> That said, a wiki or stack exchange or something for a JSLint FAQ would be
              > a really nice addition. But I can't claim to provide that level of support
              > for the stuff I give away.
              >
              > /Jakob
              >
              > -----Oprindelig meddelelse-----
              > Fra: jslint_com@yahoogroups.com [mailto:jslint_com@yahoogroups.com] P�
              > vegne af Erik Eckhardt
              > Sendt: 21. februar 2011 18:40
              >
              > Til: jslint_com@yahoogroups.com
              > Emne: Re: [jslint] Re: Final backslash to wrap strings seems unsupported
              > by JSLint (UNCLASSIFIED)
              >
              > Jakob,
              >
              > In my opinion, "just do what you're told" is really poor advice. This kind
              > of mentality is exactly what has caused legions of people to propagate bad
              > programming practices for decades. Someone gets an idea about "that's just
              > the WAY you DO it" and it's all over after that. Systems Hungarian
              > Notation,
              > whatever.
              >
              > If you want to change the way programmers code, you have to change the way
              > they think. This won't be accomplished by "I told you so." If you want them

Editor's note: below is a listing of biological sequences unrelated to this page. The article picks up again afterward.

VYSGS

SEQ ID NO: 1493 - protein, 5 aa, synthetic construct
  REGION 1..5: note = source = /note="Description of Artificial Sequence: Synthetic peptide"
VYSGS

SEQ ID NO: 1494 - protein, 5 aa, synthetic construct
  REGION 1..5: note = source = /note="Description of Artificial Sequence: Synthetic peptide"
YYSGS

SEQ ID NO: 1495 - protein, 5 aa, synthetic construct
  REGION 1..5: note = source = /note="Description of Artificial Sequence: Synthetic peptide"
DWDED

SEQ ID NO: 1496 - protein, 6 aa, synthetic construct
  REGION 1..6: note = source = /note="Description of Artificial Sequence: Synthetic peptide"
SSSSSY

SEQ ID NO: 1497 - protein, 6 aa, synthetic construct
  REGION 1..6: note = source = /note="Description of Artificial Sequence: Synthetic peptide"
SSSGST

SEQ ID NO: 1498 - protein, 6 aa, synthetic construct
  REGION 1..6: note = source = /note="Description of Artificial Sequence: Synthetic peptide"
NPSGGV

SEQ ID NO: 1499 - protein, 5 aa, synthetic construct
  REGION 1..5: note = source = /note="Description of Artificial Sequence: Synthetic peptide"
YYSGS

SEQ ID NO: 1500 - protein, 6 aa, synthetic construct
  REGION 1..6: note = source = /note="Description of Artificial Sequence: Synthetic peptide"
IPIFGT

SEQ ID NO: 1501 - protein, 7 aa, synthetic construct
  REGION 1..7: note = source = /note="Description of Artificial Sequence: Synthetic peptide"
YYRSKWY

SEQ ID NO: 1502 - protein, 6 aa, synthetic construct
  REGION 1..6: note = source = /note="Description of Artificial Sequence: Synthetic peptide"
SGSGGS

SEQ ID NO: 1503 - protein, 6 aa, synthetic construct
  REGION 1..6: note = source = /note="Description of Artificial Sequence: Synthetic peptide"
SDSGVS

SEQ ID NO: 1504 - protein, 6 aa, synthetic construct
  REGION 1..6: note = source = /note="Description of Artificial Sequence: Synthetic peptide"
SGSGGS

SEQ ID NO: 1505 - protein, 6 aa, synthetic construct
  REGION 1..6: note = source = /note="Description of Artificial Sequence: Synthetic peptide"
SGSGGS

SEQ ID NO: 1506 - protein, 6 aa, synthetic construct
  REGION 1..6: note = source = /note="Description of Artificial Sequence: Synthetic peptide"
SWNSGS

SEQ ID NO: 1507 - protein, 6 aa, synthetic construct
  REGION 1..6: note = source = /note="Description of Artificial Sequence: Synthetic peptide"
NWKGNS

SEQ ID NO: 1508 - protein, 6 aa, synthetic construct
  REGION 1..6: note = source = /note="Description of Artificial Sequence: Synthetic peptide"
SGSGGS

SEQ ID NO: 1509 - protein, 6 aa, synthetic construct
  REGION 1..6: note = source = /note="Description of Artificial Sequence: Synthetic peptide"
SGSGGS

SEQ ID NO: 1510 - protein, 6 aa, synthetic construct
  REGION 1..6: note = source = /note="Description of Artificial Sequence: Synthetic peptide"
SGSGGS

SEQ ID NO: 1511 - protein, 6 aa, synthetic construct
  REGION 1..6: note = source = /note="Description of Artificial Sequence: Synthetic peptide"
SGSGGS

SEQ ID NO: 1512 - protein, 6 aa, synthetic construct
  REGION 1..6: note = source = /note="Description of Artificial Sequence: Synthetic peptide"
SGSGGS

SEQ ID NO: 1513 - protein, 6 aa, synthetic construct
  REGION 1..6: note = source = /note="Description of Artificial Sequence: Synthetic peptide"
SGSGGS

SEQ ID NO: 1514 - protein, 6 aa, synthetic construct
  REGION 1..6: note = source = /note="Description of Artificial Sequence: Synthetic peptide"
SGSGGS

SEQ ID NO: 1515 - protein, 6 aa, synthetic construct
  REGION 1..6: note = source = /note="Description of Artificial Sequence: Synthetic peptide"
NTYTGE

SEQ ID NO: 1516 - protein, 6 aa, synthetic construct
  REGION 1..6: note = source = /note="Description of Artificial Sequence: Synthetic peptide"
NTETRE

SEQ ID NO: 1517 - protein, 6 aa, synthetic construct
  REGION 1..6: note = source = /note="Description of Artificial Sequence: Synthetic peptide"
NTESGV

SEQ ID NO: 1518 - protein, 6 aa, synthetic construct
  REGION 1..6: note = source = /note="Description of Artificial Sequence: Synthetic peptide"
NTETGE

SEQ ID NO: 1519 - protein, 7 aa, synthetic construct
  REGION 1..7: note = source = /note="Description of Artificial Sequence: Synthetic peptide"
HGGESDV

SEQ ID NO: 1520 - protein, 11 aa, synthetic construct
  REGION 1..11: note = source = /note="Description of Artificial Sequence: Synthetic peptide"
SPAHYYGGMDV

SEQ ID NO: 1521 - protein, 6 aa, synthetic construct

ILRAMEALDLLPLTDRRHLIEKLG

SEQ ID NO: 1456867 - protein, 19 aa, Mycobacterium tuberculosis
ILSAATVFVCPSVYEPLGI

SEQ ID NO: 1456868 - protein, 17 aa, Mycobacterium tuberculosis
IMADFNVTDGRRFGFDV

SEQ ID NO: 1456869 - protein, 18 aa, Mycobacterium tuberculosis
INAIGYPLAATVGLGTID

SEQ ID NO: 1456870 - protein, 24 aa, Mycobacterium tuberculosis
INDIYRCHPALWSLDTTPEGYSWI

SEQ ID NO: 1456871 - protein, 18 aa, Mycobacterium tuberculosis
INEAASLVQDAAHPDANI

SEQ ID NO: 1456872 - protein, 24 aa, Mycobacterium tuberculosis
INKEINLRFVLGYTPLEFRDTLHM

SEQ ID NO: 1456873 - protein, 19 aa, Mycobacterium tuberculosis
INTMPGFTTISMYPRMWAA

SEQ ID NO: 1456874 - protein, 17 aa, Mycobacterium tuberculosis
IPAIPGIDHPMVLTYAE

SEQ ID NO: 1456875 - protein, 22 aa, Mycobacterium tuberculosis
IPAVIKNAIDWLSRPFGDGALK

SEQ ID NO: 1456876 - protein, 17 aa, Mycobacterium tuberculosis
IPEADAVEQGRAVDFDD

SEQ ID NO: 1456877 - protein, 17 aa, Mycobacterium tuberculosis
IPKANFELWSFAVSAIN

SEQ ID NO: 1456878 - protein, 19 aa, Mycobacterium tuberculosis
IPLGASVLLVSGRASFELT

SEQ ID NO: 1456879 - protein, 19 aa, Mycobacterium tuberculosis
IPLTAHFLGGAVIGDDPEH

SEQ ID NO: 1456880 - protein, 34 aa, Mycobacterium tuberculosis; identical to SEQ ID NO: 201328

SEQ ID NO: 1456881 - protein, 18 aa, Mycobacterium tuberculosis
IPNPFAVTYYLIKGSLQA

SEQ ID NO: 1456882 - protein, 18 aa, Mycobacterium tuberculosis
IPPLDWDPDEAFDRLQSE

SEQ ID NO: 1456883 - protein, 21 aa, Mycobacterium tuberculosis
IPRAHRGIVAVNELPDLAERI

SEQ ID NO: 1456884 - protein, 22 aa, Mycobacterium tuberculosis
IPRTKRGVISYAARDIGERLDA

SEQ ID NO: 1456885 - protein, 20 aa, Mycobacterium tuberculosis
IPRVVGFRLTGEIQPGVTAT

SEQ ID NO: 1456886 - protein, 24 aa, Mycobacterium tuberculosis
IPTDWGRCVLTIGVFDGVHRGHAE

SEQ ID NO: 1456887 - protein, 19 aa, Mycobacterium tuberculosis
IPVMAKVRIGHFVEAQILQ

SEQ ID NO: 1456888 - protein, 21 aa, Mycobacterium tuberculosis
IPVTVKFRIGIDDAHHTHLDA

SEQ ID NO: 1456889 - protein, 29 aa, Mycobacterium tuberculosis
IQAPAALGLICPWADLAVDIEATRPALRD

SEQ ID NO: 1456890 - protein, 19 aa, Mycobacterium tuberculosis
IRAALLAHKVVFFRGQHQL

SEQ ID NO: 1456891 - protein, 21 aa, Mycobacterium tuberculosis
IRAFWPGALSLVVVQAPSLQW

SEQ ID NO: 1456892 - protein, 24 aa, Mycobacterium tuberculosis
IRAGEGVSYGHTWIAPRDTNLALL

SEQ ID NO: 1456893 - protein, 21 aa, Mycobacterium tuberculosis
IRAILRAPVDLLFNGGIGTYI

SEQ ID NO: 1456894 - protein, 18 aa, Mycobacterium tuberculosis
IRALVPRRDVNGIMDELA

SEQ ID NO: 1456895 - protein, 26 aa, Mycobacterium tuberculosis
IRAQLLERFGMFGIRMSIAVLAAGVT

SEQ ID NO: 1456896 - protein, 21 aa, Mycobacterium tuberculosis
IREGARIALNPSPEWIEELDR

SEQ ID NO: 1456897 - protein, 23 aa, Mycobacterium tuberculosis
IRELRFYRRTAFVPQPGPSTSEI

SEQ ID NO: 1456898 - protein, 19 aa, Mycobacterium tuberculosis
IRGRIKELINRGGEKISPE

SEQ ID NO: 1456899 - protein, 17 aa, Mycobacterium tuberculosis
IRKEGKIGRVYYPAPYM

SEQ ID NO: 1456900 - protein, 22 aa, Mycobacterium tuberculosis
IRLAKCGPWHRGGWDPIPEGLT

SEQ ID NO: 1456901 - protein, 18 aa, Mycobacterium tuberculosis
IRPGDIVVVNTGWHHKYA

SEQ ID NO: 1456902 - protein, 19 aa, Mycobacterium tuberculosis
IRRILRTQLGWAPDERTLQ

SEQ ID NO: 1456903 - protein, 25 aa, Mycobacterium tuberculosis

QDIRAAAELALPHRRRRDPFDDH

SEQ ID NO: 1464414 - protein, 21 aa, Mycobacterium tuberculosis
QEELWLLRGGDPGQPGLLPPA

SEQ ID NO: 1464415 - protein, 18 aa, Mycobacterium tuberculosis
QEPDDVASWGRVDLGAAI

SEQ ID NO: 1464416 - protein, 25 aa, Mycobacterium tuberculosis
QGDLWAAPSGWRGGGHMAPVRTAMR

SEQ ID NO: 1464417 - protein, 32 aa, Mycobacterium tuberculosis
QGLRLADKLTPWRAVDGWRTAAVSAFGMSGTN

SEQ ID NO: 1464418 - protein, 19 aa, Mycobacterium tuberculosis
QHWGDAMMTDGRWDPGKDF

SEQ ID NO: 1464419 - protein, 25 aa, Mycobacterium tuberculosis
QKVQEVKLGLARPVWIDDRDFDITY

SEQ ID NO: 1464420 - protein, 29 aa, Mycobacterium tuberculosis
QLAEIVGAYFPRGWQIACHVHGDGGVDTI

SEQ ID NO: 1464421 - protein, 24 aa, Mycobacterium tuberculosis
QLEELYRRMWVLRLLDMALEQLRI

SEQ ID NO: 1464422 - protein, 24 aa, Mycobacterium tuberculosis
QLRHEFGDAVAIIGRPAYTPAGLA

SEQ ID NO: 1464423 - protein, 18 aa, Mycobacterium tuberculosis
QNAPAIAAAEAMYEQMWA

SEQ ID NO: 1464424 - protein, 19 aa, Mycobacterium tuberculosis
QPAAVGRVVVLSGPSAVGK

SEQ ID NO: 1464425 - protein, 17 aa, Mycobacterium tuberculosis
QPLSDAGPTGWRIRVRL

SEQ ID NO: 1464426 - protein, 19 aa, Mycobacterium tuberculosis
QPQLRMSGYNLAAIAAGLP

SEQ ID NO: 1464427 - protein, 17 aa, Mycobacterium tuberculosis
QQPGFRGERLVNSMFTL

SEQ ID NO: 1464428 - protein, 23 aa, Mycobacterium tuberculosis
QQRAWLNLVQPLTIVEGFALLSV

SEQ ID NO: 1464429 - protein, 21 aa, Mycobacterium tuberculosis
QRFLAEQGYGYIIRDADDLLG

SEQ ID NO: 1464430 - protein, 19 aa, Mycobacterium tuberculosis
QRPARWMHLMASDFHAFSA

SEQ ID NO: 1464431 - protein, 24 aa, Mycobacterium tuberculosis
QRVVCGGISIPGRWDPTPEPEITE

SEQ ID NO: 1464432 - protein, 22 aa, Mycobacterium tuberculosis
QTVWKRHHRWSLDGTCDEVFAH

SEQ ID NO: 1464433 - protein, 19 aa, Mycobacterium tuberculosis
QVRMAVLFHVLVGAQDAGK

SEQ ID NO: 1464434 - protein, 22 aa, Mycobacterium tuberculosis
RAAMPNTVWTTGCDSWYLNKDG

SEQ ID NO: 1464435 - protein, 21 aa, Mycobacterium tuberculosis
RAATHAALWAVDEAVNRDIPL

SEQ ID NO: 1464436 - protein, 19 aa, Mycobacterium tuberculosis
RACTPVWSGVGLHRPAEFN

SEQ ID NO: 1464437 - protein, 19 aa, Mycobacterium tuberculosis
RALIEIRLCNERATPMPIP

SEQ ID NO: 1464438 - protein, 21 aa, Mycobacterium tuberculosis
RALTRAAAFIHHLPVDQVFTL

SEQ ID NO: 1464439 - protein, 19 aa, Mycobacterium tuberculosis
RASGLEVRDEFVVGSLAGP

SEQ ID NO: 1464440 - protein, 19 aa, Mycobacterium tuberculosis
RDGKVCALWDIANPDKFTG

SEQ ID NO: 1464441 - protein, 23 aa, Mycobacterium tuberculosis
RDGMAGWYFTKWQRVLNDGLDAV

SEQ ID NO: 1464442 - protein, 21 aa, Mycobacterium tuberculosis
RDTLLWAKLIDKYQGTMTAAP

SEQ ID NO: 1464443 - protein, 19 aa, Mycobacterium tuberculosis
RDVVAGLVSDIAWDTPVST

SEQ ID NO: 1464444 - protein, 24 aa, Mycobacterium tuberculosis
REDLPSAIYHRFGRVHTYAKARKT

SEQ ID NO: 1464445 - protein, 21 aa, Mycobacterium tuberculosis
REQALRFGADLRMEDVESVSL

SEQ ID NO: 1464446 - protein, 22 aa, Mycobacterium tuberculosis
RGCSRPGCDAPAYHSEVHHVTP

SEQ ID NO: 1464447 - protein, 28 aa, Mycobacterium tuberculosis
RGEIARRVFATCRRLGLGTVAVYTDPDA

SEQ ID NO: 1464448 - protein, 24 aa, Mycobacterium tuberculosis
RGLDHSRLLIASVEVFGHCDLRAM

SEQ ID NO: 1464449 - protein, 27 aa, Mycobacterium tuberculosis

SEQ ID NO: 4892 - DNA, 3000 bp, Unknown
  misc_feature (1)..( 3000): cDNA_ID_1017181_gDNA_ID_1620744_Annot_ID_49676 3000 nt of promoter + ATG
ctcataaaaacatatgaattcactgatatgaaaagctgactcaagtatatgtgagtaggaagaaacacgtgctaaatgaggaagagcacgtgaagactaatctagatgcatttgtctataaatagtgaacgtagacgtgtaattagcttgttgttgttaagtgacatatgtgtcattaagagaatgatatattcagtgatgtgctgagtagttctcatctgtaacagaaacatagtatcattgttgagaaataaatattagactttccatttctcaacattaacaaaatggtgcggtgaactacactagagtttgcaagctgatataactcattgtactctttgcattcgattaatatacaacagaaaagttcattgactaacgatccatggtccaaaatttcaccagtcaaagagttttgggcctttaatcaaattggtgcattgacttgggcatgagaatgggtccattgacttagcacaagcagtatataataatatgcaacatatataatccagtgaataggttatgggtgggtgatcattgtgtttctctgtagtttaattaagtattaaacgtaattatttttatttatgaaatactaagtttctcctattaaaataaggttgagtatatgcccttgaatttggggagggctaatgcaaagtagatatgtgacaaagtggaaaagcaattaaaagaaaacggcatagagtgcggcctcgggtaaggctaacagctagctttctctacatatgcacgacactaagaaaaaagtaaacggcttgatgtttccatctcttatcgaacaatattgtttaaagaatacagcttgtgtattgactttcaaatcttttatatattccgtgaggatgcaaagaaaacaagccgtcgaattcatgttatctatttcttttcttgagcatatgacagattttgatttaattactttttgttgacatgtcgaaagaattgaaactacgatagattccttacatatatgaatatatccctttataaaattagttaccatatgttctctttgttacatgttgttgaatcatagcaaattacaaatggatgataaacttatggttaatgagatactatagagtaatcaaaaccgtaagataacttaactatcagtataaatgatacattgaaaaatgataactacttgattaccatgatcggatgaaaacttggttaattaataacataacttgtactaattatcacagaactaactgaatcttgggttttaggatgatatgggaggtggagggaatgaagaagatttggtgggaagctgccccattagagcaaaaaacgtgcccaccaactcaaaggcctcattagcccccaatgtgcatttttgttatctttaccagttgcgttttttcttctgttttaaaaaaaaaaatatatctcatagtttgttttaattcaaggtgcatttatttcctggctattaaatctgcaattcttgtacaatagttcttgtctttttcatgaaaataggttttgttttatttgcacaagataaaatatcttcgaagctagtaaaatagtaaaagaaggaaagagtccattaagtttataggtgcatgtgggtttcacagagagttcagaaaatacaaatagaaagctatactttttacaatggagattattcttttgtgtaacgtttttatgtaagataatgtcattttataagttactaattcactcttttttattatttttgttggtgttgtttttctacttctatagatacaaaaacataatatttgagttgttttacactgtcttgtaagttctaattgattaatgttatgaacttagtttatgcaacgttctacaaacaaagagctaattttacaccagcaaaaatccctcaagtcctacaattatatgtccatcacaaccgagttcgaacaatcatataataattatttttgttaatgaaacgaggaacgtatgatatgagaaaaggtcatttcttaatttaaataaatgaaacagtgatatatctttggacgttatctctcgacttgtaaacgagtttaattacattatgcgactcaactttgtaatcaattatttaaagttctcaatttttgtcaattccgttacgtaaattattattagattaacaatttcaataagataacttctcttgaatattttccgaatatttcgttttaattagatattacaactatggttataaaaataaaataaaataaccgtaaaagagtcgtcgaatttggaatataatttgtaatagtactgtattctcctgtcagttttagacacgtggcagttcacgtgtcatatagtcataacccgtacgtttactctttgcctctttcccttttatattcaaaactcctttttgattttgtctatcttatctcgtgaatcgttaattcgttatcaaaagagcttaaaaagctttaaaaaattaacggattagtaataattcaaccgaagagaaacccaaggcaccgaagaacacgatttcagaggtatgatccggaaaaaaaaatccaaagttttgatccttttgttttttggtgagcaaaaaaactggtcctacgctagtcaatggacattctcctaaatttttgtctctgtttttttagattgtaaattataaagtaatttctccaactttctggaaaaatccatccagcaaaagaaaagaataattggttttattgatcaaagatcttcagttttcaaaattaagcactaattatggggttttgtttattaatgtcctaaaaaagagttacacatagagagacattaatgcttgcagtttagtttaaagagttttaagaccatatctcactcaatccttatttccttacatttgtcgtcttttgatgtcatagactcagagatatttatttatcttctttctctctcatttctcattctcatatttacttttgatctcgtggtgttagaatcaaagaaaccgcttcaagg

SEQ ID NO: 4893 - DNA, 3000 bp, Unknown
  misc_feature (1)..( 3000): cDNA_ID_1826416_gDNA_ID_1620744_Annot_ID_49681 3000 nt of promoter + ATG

> to be deliberate about choosing their methods and you want them to be able
              > to recognize new things that you've never taught them before, it won't come
              > through enforcing a list of rules.
              >
              > I greatly appreciate Douglas's work and the jslint tool. But I think his
              > attitude when responding to folks who aren't "up to his level" is a little
              > lacking. When I came here and asked a question about `continue`--which I
              > HAD
              > searched the internet for and read up on as much as I could--after an
              > initial "you shouldn't do that" I never heard from Douglas again even after
              > asking him a direct question, hoping to understand his rationale.
              >
              > What a waste! Here we have a programmer ready to have his mind filled with
              > supposedly Good Stuff and mostly all he got was Don't Do That,
              > Dummy--Douglas Has Spoken.
              >
              > Douglas, I for one bristle a bit at being told to be quiet and obey. If
              > your
              > goal is improving people's coding, you missed your chance with me by not
              > being willing to engage me a bit. What are your reasons for providing
              > JSLint
              > at all? If your goal is to help propagate good code practices in the world,
              > it is not being done in the most effective way. Being abrupt and
              > short-tempered may not put off the really dedicated aficionados, but why
              > offend people when you could be winning their minds and hearts instead?
              >
              > If you don't want to spend the time helping every person who might possibly
              > have a question, then exactly what was asked for seems the most efficient
              > way to impart the information: provide individual explanations of each
              > issue
              > with examples of why it is harmful to do otherwise. You could even make it
              > a
              > wiki-style thing open to only approved members from the JSLint list. Then